When a reader emailed this video to us we weren’t sure if it was a hoax or not. The animal eerily looks like something from the movie Alien. It took a bit of legwork to establish the truth.
Video courtesy Shell Oil Co.
Sometimes when we are discussing what stories we should cover, I think that the most important editor is the one not in the room: the reader.
Our marketing experts tell us the average age and income of our visitors. We know that slightly more men than women read our stories. We know that a majority are college-educated.
But it’s what our visitors do on our site that has the greatest impact on us. This isn’t information visitors tell us about themselves–it’s what they do and don’t do anonymously through the click of their computer mouse that we can monitor in statistical reports.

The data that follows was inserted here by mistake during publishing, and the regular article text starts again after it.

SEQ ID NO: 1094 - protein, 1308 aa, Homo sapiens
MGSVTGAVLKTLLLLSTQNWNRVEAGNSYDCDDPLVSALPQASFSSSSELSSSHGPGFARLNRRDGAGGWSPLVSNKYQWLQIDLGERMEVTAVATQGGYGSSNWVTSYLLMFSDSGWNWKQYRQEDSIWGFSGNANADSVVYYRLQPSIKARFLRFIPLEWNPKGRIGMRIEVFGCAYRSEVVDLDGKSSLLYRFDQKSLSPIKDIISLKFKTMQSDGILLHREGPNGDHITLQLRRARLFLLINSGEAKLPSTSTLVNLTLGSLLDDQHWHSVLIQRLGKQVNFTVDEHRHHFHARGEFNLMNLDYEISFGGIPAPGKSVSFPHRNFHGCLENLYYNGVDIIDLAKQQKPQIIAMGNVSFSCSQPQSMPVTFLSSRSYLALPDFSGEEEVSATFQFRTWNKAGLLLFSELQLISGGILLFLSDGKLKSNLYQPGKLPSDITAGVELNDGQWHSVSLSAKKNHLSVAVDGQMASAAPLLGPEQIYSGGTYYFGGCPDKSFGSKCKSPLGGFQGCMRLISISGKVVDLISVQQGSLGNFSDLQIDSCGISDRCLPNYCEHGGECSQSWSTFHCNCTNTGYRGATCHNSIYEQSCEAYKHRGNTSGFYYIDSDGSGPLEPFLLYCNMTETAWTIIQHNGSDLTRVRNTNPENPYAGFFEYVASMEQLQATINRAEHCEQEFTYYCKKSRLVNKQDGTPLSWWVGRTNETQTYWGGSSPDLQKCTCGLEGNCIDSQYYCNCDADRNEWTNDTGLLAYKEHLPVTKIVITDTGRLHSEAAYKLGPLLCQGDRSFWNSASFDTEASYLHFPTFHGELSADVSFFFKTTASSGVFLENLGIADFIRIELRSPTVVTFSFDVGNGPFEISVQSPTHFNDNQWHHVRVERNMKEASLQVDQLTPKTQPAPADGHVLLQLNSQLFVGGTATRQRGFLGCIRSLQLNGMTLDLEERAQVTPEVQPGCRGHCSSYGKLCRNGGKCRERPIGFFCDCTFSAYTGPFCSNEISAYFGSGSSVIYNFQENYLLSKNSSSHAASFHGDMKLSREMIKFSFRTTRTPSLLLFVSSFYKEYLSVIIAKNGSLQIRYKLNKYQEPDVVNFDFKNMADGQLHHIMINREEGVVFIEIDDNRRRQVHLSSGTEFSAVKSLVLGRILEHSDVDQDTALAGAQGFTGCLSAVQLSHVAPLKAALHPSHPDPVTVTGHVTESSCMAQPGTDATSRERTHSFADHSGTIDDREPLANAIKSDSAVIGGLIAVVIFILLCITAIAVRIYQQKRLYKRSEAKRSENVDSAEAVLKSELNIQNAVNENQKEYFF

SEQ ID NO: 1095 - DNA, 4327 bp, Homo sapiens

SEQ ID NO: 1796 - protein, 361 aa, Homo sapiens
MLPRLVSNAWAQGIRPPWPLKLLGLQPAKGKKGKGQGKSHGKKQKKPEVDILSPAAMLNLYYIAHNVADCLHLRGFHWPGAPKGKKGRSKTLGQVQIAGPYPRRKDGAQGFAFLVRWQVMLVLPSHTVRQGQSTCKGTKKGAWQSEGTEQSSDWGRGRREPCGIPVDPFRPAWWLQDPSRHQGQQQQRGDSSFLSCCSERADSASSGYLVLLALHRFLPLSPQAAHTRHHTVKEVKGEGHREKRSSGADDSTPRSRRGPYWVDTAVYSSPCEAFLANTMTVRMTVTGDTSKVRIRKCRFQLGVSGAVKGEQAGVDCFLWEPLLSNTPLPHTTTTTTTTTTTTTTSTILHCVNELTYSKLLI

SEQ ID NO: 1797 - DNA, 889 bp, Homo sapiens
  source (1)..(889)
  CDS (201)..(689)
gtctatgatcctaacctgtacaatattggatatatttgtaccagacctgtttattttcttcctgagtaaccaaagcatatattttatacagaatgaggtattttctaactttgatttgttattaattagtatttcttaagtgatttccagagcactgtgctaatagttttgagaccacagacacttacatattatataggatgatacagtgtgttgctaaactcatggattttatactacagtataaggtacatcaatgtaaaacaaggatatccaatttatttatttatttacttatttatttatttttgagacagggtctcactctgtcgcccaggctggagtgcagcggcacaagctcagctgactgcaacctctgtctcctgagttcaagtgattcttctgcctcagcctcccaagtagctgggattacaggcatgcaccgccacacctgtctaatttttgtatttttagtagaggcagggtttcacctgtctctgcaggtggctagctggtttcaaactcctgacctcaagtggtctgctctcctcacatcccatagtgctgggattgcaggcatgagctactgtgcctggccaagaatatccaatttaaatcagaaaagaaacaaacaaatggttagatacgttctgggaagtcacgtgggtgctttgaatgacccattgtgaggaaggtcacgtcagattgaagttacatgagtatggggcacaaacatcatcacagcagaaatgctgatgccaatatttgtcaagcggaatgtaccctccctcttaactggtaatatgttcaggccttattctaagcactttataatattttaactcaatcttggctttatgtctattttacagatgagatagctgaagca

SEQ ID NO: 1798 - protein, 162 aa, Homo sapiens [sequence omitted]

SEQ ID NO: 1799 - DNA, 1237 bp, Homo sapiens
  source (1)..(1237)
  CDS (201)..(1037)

How does this relate to the giant squid video? Read more in the extended portion of this post.
We have learned over the years that some of the most popular stories are about sea monsters, particularly the giant squid. We know what’s popular because we can monitor how many stories are opened and how much time visitors spend on average on each story.
Our world is filled with statistics such as entry and exit rates, previous and next page flows, and so on.
That’s how we know our visitors really like the giant squid. (And also giant catfish, but that’s a topic I’m working on for later.)
We’ve become conditioned to look for stories about giant squid.
So when the video popped up in our in box we swung into action. After all, it’s a squid and it is weird.
Contributing writer Kelly Hearn was assigned to look into it. The squid is real and, as is often the case, reality is more interesting than a hoax could be.
This is not the first time that we have done a story based upon a lead sent in by a reader. We’d like to do more of them.
Send us your video, photos, observations, and ideas. We promise to consider them. After all, you are our most important editor.
Most popular National Geographic News stories about giant squids: